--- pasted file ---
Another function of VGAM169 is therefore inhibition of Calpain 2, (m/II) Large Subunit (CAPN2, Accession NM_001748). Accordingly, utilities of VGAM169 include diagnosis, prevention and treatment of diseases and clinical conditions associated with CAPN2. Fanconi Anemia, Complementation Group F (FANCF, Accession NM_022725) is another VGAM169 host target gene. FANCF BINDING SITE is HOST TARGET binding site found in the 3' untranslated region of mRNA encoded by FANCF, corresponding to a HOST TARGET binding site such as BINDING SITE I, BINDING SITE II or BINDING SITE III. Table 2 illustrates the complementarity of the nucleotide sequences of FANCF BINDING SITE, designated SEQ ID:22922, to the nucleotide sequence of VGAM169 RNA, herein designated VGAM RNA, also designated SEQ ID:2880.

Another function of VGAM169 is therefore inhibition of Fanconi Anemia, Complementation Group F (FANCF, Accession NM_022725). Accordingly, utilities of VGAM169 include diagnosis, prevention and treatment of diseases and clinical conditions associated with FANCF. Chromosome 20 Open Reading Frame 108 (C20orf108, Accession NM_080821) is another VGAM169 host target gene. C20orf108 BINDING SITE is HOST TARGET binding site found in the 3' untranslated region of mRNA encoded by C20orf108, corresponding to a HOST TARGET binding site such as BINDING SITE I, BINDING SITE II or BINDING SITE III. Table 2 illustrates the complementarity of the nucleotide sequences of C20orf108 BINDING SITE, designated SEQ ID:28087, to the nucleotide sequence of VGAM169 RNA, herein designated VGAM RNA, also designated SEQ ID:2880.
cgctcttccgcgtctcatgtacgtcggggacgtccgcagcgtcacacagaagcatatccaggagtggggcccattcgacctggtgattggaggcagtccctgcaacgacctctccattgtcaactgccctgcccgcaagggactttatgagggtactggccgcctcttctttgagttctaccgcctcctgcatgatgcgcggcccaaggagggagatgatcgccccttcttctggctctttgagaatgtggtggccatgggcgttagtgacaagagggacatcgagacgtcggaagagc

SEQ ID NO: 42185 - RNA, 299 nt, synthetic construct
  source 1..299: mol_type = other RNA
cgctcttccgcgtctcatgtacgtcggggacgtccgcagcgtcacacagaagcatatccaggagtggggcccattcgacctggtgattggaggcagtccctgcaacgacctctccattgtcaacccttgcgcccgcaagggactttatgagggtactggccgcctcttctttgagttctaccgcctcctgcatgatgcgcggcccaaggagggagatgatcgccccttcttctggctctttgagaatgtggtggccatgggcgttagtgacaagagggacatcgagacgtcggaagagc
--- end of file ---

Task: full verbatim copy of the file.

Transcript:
Another function of VGAM169 is therefore inhibition of Calpain 2, (m/II) Large Subunit (CAPN2, Accession NM_001748). Accordingly, utilities of VGAM169 include diagnosis, prevention and treatment of diseases and clinical conditions associated with CAPN2. Fanconi Anemia, Complementation Group F (FANCF, Accession NM_022725) is another VGAM169 host target gene. FANCF BINDING SITE is HOST TARGET binding site found in the 3' untranslated region of mRNA encoded by FANCF, corresponding to a HOST TARGET binding site such as BINDING SITE I, BINDING SITE II or BINDING SITE III. Table 2 illustrates the complementarity of the nucleotide sequences of FANCF BINDING SITE, designated SEQ ID:22922, to the nucleotide sequence of VGAM169 RNA, herein designated VGAM RNA, also designated SEQ ID:2880.

Another function of VGAM169 is therefore inhibition of Fanconi Anemia, Complementation Group F (FANCF, Accession NM_022725). Accordingly, utilities of VGAM169 include diagnosis, prevention and treatment of diseases and clinical conditions associated with FANCF. Chromosome 20 Open Reading Frame 108 (C20orf108, Accession NM_080821) is another VGAM169 host target gene. C20orf108 BINDING SITE is HOST TARGET binding site found in the 3' untranslated region of mRNA encoded by C20orf108, corresponding to a HOST TARGET binding site such as BINDING SITE I, BINDING SITE II or BINDING SITE III. Table 2 illustrates the complementarity of the nucleotide sequences of C20orf108 BINDING SITE, designated SEQ ID:28087, to the nucleotide sequence of VGAM169 RNA, herein designated VGAM RNA, also designated SEQ ID:2880.
cgctcttccgcgtctcatgtacgtcggggacgtccgcagcgtcacacagaagcatatccaggagtggggcccattcgacctggtgattggaggcagtccctgcaacgacctctccattgtcaactgccctgcccgcaagggactttatgagggtactggccgcctcttctttgagttctaccgcctcctgcatgatgcgcggcccaaggagggagatgatcgccccttcttctggctctttgagaatgtggtggccatgggcgttagtgacaagagggacatcgagacgtcggaagagc

SEQ ID NO: 42185 - RNA, 299 nt, synthetic construct
  source 1..299: mol_type = other RNA
cgctcttccgcgtctcatgtacgtcggggacgtccgcagcgtcacacagaagcatatccaggagtggggcccattcgacctggtgattggaggcagtccctgcaacgacctctccattgtcaacccttgcgcccgcaagggactttatgagggtactggccgcctcttctttgagttctaccgcctcctgcatgatgcgcggcccaaggagggagatgatcgccccttcttctggctctttgagaatgtggtggccatgggcgttagtgacaagagggacatcgagacgtcggaagagc